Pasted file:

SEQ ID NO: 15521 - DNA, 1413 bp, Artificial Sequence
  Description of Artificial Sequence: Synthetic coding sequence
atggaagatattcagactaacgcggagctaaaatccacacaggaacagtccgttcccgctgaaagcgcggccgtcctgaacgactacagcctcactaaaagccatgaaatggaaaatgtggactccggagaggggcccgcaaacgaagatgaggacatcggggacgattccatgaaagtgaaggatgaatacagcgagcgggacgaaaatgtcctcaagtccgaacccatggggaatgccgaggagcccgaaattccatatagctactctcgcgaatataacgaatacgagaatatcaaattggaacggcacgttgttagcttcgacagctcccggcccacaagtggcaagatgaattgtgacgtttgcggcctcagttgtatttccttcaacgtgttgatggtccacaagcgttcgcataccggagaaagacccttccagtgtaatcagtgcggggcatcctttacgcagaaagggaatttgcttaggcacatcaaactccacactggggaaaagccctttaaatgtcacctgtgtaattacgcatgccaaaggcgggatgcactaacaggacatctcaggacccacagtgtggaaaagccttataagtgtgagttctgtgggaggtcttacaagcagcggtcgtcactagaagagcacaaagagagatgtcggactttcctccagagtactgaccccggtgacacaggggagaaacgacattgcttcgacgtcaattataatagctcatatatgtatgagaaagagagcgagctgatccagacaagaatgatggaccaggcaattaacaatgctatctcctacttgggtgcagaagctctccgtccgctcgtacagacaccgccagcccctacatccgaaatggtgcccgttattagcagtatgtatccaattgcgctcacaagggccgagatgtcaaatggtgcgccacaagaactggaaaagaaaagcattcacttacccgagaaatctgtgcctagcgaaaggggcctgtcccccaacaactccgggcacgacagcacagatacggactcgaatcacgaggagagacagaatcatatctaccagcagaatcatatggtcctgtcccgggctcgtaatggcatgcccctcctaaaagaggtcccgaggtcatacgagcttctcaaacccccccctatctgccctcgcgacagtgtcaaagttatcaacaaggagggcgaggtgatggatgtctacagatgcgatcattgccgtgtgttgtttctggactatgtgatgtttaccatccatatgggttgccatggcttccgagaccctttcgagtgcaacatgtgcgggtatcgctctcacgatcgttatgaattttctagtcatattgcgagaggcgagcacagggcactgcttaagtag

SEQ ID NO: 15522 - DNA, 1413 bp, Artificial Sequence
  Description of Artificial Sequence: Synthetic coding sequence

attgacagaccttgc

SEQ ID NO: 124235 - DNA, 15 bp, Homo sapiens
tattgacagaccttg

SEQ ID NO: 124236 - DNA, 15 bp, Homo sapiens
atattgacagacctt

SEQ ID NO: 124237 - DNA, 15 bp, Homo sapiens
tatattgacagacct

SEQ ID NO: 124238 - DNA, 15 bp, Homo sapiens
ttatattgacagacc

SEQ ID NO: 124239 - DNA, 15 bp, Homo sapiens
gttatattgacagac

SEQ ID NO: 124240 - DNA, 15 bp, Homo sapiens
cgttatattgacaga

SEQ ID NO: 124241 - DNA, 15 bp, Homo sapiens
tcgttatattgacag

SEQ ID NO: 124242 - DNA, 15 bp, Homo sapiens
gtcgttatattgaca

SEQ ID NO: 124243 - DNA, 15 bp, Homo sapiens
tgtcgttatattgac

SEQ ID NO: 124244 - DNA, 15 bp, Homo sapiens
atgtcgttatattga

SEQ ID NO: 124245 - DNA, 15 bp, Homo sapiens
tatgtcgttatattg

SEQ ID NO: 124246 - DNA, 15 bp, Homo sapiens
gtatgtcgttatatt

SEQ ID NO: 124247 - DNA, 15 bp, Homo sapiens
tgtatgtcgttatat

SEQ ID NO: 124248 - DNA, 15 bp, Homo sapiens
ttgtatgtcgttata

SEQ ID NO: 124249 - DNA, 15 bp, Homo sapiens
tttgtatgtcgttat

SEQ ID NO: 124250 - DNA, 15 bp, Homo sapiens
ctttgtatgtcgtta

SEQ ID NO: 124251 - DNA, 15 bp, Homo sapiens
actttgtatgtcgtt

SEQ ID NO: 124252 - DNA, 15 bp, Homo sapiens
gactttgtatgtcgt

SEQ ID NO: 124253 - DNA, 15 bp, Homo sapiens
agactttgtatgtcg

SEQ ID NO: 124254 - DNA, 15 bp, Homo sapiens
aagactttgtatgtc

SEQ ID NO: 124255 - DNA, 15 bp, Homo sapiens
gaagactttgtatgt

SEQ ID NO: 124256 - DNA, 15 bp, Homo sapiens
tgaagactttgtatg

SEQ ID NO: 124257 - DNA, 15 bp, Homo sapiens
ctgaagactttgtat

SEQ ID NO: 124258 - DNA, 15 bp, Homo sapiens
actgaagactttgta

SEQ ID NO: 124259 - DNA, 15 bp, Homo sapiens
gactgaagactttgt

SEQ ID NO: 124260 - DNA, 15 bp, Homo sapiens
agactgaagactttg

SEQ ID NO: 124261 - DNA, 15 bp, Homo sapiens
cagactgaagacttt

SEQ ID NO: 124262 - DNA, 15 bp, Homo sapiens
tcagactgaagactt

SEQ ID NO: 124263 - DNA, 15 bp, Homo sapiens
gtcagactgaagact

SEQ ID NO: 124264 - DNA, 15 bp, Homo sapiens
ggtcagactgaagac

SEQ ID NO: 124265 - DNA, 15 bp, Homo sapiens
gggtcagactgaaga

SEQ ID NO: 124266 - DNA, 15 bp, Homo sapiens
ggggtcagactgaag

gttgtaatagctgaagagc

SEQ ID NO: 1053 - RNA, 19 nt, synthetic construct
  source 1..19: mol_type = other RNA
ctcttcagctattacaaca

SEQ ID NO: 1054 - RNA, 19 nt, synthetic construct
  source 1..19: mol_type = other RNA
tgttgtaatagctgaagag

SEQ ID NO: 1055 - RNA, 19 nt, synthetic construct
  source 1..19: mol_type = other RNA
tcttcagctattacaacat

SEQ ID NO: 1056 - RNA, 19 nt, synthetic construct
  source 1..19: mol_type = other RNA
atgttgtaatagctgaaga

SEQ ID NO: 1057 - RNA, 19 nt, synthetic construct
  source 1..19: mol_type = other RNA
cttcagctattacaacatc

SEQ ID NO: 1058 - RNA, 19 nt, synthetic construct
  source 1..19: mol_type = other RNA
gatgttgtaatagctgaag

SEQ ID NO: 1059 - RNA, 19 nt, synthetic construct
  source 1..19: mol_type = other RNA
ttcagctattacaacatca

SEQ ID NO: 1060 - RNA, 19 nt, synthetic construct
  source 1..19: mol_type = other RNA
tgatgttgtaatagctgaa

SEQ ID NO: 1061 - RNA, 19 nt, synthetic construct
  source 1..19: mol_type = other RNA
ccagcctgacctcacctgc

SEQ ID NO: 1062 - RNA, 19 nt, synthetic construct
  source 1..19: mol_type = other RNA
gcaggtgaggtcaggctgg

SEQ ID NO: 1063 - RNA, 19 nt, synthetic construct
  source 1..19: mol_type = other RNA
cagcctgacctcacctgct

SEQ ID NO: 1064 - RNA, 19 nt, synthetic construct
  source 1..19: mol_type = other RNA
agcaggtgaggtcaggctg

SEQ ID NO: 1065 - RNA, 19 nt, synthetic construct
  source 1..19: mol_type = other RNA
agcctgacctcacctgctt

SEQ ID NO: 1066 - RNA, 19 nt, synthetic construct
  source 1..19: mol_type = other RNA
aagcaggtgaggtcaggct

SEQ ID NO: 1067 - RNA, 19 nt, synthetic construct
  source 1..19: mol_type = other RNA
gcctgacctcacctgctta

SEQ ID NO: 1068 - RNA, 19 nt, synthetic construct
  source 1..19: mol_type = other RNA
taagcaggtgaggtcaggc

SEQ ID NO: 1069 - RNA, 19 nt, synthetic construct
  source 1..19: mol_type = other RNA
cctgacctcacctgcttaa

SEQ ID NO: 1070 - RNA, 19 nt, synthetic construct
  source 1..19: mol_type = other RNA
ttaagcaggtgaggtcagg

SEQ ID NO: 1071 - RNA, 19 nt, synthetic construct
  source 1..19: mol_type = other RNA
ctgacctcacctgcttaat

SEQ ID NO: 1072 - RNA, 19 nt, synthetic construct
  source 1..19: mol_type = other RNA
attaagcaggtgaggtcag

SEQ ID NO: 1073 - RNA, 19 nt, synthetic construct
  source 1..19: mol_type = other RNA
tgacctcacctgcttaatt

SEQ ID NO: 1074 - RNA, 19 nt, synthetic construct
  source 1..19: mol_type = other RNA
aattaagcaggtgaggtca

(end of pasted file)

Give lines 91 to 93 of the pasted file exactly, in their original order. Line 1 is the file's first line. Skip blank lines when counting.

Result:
  source 1..19: mol_type = other RNA
ttcagctattacaacatca

SEQ ID NO: 1060 - RNA, 19 nt, synthetic construct